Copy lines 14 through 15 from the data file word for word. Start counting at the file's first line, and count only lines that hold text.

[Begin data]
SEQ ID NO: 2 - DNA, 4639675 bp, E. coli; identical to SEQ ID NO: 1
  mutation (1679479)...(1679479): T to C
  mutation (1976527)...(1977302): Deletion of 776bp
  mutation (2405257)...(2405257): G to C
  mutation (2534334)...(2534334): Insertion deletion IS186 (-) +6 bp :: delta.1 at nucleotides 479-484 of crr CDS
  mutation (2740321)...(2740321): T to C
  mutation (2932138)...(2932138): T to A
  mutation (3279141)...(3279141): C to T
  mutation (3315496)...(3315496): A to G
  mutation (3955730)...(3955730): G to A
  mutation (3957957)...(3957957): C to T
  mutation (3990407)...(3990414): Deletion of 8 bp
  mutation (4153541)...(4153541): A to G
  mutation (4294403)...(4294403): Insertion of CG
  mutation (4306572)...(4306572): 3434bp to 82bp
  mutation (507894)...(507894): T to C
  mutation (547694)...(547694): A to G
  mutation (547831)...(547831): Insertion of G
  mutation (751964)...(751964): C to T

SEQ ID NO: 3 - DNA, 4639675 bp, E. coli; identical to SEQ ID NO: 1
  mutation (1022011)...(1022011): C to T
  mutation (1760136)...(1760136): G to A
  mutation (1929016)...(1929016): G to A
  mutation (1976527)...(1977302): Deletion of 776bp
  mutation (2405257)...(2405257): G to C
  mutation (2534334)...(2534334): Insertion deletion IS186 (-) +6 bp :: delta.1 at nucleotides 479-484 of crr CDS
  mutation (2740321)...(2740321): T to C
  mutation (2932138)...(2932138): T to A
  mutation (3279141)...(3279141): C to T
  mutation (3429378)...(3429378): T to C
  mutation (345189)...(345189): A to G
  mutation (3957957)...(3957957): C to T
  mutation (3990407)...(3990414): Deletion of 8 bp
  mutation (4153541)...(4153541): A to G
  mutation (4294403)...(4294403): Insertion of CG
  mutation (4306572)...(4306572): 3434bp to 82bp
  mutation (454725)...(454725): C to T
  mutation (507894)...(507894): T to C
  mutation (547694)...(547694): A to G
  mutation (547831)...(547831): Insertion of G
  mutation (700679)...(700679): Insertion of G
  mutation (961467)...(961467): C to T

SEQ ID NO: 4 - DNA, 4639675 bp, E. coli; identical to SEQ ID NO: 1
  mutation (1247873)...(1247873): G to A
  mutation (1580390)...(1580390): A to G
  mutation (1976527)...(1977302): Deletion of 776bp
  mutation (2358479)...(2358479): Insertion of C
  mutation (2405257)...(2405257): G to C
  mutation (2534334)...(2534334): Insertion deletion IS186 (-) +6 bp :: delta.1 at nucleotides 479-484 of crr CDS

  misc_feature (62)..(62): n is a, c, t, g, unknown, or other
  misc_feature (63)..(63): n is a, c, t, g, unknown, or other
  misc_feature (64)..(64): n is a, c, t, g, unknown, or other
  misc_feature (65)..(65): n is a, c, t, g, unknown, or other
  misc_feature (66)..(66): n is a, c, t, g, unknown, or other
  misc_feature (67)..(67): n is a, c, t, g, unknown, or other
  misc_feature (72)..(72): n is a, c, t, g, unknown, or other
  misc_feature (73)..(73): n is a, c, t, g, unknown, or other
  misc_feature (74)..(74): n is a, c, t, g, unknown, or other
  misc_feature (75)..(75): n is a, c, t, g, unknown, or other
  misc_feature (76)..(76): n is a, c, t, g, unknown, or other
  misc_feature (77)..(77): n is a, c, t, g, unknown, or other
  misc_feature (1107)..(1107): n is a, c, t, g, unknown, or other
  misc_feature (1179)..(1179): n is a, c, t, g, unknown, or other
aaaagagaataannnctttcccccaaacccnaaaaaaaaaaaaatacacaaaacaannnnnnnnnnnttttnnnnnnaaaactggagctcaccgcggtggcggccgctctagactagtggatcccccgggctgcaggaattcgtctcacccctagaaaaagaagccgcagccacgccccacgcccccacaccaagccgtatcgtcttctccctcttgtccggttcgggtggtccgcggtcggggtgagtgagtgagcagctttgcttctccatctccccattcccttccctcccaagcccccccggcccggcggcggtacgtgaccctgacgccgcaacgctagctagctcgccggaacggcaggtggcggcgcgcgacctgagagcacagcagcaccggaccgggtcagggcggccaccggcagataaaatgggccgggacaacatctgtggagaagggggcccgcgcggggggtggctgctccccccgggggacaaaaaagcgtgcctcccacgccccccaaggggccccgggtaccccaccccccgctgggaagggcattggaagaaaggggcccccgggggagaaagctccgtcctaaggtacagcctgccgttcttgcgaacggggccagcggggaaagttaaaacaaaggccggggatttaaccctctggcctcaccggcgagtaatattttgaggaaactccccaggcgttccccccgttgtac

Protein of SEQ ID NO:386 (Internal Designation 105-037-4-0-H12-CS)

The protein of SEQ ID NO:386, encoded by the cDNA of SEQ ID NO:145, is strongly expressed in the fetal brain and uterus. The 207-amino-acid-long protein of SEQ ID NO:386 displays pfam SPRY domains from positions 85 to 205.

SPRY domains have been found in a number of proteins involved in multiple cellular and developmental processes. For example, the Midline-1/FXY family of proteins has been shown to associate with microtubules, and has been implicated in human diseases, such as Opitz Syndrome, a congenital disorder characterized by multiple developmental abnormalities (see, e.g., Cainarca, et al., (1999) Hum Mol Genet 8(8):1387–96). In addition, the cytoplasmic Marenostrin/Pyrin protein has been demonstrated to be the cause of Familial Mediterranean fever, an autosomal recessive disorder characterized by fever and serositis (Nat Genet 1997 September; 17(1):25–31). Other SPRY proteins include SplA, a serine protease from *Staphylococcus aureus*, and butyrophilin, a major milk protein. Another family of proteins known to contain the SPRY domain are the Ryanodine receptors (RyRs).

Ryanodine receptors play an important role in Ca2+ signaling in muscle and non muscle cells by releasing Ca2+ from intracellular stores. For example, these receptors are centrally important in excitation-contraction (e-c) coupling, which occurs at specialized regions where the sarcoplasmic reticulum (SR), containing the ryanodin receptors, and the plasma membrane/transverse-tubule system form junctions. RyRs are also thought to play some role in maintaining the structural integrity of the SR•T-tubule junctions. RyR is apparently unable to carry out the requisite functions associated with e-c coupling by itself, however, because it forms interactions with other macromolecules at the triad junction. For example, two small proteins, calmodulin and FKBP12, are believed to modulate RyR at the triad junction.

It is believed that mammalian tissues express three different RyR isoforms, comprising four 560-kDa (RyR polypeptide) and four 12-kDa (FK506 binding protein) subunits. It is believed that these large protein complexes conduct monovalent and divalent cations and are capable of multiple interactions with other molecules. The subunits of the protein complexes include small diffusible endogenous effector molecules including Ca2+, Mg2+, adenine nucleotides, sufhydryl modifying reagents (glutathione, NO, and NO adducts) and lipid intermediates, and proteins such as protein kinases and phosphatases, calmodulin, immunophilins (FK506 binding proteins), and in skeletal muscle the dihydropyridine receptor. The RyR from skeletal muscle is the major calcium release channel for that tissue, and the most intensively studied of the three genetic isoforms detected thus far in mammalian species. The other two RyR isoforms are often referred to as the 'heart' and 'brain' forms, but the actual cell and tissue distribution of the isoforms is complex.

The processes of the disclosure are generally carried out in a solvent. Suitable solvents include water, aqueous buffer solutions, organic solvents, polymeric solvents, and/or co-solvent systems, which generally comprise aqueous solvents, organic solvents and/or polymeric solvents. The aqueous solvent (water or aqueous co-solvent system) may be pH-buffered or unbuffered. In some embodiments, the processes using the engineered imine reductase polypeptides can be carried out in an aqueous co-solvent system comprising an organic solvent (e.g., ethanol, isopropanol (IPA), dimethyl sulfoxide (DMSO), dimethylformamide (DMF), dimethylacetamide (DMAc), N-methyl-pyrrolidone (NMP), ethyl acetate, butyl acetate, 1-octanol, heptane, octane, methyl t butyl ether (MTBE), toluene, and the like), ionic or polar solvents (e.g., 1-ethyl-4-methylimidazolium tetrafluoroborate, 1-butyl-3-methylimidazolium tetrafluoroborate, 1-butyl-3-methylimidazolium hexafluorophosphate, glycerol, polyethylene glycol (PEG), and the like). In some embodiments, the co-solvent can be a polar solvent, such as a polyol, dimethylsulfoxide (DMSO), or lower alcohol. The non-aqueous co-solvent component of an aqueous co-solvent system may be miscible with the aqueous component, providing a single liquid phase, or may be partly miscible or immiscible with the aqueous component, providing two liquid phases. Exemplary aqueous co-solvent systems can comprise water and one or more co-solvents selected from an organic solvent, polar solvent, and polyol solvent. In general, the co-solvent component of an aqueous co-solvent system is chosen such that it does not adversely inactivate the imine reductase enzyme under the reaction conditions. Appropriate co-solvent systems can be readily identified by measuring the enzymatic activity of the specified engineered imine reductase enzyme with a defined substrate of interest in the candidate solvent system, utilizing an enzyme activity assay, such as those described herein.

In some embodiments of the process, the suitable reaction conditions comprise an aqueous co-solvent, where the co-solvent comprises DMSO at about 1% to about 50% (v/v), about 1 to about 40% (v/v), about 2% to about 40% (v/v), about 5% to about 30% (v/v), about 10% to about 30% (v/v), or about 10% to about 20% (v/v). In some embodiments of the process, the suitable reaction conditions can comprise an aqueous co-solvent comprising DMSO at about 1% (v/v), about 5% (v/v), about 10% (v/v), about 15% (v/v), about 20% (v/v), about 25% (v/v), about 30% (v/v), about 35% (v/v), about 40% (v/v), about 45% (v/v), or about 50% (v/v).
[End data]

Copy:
  mutation (4294403)...(4294403): Insertion of CG
  mutation (4306572)...(4306572): 3434bp to 82bp